It’s been a long past 18-months, and a fast last three weeks. I spent the last year and a half living with my parents (although I don’t lead with that). And I’ve come to realize that, even in the middle of a pandemic, I was still being performative—I was “Tutoring ELL students and working on my writing.” That wasn’t a lie, but let’s just say I watched more Netflix in those months than I had in the prior two years combined.

I started writing a memoir-esque piece that was just snapshots of my daily crises or ruminations. I was sick of reading biographies and memoirs that “had it all figured out.” I wasn’t able to pre-package my life, the pandemic, or global events into chapters or a narrative—I still can’t. Instead, I wrote snippets like, “Would it be weird to honeymoon in the Bermuda Triangle? I could pitch it as ‘let’s be lost forever in love’? Would that make it sellable?” and “I am a mildly intelligent moth drawn to a very dangerous flame.” I didn’t, and don’t, have my life “put together.”

But what does “put together” look like in the midst of multiple global emergencies? Is there such a thing? Has there ever been?

When I got into graduate school, I felt like I had made it—I now had something more concrete to tell people when they asked about my plans for the future. Then, cue the imposter syndrome. Was pursuing an MFA something I was doing because I wanted to? Or because it was a better thing to tell people? Did I deserve this? Was I good enough?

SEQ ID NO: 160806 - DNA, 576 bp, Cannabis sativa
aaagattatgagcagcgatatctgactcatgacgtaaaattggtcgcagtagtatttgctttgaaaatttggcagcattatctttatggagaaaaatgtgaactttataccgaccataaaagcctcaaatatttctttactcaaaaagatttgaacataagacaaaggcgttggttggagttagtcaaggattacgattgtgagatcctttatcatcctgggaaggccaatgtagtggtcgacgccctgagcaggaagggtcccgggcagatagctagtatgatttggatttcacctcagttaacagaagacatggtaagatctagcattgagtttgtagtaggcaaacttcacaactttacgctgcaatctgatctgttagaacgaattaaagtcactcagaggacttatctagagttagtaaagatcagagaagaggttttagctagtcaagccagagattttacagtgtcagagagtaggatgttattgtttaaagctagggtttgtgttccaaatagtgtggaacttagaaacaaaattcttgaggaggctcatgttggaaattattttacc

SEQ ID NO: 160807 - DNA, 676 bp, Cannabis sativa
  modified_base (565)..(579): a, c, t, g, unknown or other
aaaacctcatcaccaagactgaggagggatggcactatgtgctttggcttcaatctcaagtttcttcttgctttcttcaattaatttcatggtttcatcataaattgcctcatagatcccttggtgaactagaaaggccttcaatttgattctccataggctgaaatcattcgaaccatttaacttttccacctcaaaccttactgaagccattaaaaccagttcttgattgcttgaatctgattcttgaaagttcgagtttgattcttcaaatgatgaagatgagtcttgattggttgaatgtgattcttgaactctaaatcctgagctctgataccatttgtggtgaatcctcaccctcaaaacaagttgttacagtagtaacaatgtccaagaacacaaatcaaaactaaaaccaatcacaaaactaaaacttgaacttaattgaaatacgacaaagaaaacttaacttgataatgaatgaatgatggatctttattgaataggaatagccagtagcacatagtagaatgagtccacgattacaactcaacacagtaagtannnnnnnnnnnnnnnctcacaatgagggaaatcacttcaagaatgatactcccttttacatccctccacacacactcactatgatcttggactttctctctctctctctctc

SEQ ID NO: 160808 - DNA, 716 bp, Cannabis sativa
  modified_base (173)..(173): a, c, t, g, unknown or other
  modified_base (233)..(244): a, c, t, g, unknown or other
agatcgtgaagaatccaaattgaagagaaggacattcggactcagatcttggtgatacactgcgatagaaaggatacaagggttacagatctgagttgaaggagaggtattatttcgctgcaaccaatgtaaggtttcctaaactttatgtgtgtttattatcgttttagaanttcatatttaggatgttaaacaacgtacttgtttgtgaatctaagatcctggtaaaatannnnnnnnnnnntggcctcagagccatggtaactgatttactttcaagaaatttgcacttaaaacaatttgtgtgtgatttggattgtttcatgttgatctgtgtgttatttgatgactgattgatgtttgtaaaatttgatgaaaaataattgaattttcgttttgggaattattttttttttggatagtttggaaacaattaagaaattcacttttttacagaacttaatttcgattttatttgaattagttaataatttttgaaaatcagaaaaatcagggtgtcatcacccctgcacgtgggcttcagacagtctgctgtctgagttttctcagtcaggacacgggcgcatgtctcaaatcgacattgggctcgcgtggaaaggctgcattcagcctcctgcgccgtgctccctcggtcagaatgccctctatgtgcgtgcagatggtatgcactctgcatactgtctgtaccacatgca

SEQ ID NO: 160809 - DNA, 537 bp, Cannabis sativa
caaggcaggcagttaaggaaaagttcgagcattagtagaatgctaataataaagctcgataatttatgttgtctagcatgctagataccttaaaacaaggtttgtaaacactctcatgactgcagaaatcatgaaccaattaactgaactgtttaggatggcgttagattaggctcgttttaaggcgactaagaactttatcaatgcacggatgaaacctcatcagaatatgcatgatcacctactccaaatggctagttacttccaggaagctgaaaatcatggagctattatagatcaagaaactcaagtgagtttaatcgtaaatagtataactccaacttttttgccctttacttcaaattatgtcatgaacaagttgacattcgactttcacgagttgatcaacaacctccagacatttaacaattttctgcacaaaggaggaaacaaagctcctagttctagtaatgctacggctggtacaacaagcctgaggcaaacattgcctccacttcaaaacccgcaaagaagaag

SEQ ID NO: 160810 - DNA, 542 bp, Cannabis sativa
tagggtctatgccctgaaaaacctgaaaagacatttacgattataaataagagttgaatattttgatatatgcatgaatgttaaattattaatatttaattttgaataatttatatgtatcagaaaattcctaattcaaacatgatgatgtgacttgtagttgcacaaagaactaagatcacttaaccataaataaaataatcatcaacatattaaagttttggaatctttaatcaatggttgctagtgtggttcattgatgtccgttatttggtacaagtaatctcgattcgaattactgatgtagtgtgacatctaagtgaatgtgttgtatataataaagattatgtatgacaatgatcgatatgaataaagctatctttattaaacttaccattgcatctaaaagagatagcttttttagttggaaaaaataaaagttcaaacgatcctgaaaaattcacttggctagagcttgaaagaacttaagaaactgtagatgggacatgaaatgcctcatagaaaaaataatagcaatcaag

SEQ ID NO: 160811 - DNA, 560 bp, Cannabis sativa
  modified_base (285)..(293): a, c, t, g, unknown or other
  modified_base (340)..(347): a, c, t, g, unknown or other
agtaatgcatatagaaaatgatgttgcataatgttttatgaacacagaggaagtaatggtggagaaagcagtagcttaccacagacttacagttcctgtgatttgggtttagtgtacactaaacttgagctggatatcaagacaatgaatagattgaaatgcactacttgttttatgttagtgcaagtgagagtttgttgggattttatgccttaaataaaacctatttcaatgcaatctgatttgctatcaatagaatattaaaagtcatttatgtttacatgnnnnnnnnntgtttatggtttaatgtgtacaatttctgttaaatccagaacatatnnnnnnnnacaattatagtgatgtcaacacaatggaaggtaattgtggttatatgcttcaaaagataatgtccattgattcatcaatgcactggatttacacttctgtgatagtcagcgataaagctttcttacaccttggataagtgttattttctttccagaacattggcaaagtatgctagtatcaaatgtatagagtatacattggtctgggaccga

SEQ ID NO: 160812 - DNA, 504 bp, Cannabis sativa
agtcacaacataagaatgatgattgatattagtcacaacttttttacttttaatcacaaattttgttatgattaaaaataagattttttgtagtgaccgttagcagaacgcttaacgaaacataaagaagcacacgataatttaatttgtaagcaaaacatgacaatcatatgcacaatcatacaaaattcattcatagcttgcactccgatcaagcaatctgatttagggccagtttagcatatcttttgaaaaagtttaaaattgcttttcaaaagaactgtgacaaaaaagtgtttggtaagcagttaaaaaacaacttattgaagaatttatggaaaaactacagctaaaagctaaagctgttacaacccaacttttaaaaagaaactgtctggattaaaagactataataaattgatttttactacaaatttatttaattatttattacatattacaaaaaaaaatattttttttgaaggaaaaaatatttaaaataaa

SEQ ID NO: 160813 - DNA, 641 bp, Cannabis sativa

My current answer to these questions is: yes—but not because I always believe it, but because there’s enough to contend with without the burden of constant and incessant self-judgement. Being “put together” is a performance and society the judge—why do I need to join the jury?

In other words: my life isn’t more, or less, put together for pursuing an MFA, I do like being able to tell people that I’m an MFA candidate, and I’m trying to let go of this idea of performance. But, even if 4% or 12% of past me made the decision to pursue an MFA so I could have the next three years planned out, I have no regrets. But please, if you’re considering applying to an MFA program, do yourself a favor, and try not to ask yourself 3,000 questions, because while I’m all for a good pros and cons list, sometimes it’s the results, not the reasons, that matter.

-Anna Emerson is a first-year MFA student in Creative Nonfiction.